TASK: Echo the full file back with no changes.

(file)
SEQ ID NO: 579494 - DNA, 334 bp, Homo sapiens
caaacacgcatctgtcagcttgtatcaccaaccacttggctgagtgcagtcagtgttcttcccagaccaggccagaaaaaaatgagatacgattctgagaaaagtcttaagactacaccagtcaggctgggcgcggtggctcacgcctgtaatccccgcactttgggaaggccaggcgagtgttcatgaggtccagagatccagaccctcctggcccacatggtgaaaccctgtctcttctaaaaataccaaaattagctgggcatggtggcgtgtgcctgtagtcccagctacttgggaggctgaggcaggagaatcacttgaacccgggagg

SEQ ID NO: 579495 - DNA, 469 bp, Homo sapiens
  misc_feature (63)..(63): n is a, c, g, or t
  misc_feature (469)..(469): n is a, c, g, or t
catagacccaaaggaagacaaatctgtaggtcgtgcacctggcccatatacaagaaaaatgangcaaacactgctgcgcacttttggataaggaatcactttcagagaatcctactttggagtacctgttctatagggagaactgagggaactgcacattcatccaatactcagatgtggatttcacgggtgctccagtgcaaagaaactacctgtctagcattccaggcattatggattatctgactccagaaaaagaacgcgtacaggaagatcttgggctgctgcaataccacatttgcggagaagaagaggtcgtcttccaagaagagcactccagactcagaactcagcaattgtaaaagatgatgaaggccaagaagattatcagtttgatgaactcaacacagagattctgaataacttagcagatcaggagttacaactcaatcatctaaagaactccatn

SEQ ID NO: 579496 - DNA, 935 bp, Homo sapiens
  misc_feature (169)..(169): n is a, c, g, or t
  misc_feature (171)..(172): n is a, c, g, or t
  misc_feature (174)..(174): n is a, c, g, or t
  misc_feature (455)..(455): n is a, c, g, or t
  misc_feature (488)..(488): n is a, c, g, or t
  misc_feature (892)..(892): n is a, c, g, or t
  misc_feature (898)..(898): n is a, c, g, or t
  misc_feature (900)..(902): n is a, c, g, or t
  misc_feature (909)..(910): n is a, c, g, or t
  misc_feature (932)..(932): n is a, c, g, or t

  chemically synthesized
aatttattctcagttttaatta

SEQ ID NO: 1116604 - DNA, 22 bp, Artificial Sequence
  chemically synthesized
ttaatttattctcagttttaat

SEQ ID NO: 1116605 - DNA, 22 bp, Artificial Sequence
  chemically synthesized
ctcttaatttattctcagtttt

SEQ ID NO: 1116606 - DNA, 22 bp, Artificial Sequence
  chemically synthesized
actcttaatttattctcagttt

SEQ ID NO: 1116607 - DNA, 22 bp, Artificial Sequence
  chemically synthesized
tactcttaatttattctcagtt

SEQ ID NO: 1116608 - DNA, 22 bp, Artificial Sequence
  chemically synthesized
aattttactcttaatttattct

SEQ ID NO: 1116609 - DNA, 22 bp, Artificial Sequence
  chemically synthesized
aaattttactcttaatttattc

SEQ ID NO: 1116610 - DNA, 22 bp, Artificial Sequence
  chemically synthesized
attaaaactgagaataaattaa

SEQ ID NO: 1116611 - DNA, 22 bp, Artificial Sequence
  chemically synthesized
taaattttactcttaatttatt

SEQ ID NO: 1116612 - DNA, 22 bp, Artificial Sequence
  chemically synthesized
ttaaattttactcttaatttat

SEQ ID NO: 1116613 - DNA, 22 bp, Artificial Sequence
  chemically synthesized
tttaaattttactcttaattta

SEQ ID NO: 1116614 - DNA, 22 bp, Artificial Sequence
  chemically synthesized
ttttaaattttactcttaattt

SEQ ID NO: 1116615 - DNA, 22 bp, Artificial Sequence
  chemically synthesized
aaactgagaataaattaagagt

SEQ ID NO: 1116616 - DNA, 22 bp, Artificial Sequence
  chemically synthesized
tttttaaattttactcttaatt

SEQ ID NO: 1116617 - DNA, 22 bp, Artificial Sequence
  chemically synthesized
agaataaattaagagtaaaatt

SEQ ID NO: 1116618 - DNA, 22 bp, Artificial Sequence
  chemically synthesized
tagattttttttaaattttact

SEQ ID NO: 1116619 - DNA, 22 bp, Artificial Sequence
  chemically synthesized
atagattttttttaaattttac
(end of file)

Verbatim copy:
SEQ ID NO: 579494 - DNA, 334 bp, Homo sapiens
caaacacgcatctgtcagcttgtatcaccaaccacttggctgagtgcagtcagtgttcttcccagaccaggccagaaaaaaatgagatacgattctgagaaaagtcttaagactacaccagtcaggctgggcgcggtggctcacgcctgtaatccccgcactttgggaaggccaggcgagtgttcatgaggtccagagatccagaccctcctggcccacatggtgaaaccctgtctcttctaaaaataccaaaattagctgggcatggtggcgtgtgcctgtagtcccagctacttgggaggctgaggcaggagaatcacttgaacccgggagg

SEQ ID NO: 579495 - DNA, 469 bp, Homo sapiens
  misc_feature (63)..(63): n is a, c, g, or t
  misc_feature (469)..(469): n is a, c, g, or t
catagacccaaaggaagacaaatctgtaggtcgtgcacctggcccatatacaagaaaaatgangcaaacactgctgcgcacttttggataaggaatcactttcagagaatcctactttggagtacctgttctatagggagaactgagggaactgcacattcatccaatactcagatgtggatttcacgggtgctccagtgcaaagaaactacctgtctagcattccaggcattatggattatctgactccagaaaaagaacgcgtacaggaagatcttgggctgctgcaataccacatttgcggagaagaagaggtcgtcttccaagaagagcactccagactcagaactcagcaattgtaaaagatgatgaaggccaagaagattatcagtttgatgaactcaacacagagattctgaataacttagcagatcaggagttacaactcaatcatctaaagaactccatn

SEQ ID NO: 579496 - DNA, 935 bp, Homo sapiens
  misc_feature (169)..(169): n is a, c, g, or t
  misc_feature (171)..(172): n is a, c, g, or t
  misc_feature (174)..(174): n is a, c, g, or t
  misc_feature (455)..(455): n is a, c, g, or t
  misc_feature (488)..(488): n is a, c, g, or t
  misc_feature (892)..(892): n is a, c, g, or t
  misc_feature (898)..(898): n is a, c, g, or t
  misc_feature (900)..(902): n is a, c, g, or t
  misc_feature (909)..(910): n is a, c, g, or t
  misc_feature (932)..(932): n is a, c, g, or t

  chemically synthesized
aatttattctcagttttaatta

SEQ ID NO: 1116604 - DNA, 22 bp, Artificial Sequence
  chemically synthesized
ttaatttattctcagttttaat

SEQ ID NO: 1116605 - DNA, 22 bp, Artificial Sequence
  chemically synthesized
ctcttaatttattctcagtttt

SEQ ID NO: 1116606 - DNA, 22 bp, Artificial Sequence
  chemically synthesized
actcttaatttattctcagttt

SEQ ID NO: 1116607 - DNA, 22 bp, Artificial Sequence
  chemically synthesized
tactcttaatttattctcagtt

SEQ ID NO: 1116608 - DNA, 22 bp, Artificial Sequence
  chemically synthesized
aattttactcttaatttattct

SEQ ID NO: 1116609 - DNA, 22 bp, Artificial Sequence
  chemically synthesized
aaattttactcttaatttattc

SEQ ID NO: 1116610 - DNA, 22 bp, Artificial Sequence
  chemically synthesized
attaaaactgagaataaattaa

SEQ ID NO: 1116611 - DNA, 22 bp, Artificial Sequence
  chemically synthesized
taaattttactcttaatttatt

SEQ ID NO: 1116612 - DNA, 22 bp, Artificial Sequence
  chemically synthesized
ttaaattttactcttaatttat

SEQ ID NO: 1116613 - DNA, 22 bp, Artificial Sequence
  chemically synthesized
tttaaattttactcttaattta

SEQ ID NO: 1116614 - DNA, 22 bp, Artificial Sequence
  chemically synthesized
ttttaaattttactcttaattt

SEQ ID NO: 1116615 - DNA, 22 bp, Artificial Sequence
  chemically synthesized
aaactgagaataaattaagagt

SEQ ID NO: 1116616 - DNA, 22 bp, Artificial Sequence
  chemically synthesized
tttttaaattttactcttaatt

SEQ ID NO: 1116617 - DNA, 22 bp, Artificial Sequence
  chemically synthesized
agaataaattaagagtaaaatt

SEQ ID NO: 1116618 - DNA, 22 bp, Artificial Sequence
  chemically synthesized
tagattttttttaaattttact

SEQ ID NO: 1116619 - DNA, 22 bp, Artificial Sequence
  chemically synthesized
atagattttttttaaattttac